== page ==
clicking the Controllers
folder and selecting the menu item
Add, New Item
. Select the
MVC Controller Class

template. Name your new controller
HomeController.vb

and click the
Add

button.

For our TaskList application, we’ll modify the HomeController class so that it contains
the code in Listing 1. The modified controller contains four functions named
Index()
,
Create()
,
CreateNew()
, and
Complete()
. Each function cor
responds to a controller
action.

Listing 1


HomeController.vb

Public Class HomeController

Inherits System.Web.Mvc.Controller

' Display a list of tasks

Function Index() As ActionResult

Return View()

End Function

' Displa
y a form for
creating a new task

Function Create() As ActionResult

Return View()

End Function

' Add a new task to the
database

Function CreateNew() As ActionResult

' Add the new
task to database

Return RedirectT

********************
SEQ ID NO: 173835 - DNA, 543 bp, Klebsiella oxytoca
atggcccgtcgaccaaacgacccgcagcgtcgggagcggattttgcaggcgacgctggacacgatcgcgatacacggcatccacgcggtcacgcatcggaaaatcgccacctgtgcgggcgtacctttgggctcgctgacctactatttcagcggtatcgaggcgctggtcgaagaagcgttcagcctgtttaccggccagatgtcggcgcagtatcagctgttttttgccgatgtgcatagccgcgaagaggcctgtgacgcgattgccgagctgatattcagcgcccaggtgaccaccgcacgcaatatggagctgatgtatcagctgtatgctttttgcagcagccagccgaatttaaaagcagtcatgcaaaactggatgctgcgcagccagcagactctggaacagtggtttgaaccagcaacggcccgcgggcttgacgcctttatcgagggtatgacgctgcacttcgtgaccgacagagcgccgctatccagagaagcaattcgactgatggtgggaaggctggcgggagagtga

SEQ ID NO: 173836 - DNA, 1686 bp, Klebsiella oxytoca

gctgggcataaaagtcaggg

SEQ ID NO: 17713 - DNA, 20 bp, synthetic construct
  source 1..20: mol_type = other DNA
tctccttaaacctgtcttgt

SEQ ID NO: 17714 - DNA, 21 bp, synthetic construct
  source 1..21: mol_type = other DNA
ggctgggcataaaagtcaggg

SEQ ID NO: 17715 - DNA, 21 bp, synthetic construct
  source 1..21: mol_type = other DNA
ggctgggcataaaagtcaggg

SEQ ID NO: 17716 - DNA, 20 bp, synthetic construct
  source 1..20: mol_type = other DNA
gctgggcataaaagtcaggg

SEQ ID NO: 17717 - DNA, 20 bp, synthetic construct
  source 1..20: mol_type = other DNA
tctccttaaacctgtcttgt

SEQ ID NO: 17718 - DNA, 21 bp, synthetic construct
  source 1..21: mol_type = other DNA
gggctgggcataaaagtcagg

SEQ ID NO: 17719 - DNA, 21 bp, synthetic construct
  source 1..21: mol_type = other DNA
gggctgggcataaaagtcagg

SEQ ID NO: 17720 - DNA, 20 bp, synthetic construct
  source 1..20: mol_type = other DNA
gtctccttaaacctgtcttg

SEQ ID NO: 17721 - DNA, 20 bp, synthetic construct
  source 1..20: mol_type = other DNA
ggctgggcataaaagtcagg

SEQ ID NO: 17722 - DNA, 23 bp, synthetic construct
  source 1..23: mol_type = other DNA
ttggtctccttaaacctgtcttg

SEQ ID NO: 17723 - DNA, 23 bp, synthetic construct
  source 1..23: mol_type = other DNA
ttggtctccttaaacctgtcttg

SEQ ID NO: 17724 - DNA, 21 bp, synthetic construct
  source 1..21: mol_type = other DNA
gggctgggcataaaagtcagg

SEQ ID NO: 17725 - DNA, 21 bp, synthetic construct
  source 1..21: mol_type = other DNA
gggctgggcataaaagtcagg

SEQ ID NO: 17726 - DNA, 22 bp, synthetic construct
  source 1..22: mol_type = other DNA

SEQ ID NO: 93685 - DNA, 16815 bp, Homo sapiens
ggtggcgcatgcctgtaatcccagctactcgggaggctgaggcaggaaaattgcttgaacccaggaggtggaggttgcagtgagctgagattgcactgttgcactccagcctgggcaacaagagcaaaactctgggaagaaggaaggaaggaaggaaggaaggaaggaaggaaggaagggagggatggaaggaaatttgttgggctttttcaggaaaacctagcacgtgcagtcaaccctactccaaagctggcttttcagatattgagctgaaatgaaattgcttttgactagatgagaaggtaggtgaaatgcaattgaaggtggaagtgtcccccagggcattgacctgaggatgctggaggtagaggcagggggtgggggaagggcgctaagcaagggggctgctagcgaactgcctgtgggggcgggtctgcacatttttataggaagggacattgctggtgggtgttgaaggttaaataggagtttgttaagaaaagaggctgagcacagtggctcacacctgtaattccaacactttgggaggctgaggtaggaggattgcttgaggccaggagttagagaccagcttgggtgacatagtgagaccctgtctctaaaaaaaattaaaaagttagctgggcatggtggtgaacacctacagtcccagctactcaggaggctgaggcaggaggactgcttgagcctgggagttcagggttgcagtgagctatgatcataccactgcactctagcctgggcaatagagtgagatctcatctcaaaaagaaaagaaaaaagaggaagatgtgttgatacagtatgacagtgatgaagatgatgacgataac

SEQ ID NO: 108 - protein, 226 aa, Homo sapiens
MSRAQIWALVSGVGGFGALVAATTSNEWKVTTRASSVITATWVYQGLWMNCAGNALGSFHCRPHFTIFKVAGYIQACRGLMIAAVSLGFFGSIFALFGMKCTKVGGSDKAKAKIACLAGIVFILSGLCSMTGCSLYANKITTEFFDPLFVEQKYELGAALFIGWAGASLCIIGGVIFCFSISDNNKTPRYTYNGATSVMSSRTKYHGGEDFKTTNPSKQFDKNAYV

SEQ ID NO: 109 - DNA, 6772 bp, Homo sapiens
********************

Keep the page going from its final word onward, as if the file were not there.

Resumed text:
oAction("Index")

End
Function

' Mark a task as complete

Function Complete() As
ActionResult

Return RedirectToAction("Index")

End
Function End Class

Here’s the intention behind each of these controller actions:



Index()



Calle
d when you want to display the list of tasks.



Create()



Called when you want to display the form for adding a new task.



CreateNew()



Called when the form for adding a new task is submitted. This
controller action actually adds the new task to the databas
e.



Complete()



Called when a new task is marked as completed.

We’ll need to add additional logic to our controller actions to get them to work as
intended.

Any public function contained in a controller class is exposed as a controller action. Be
careful a
bout this. A controller action is exposed to the world. Anyone can call a
controller action by typing the right URL into the address bar of their web browser. So,
don’t accidently create a public function in a controller when you don’t want the function
to

be called.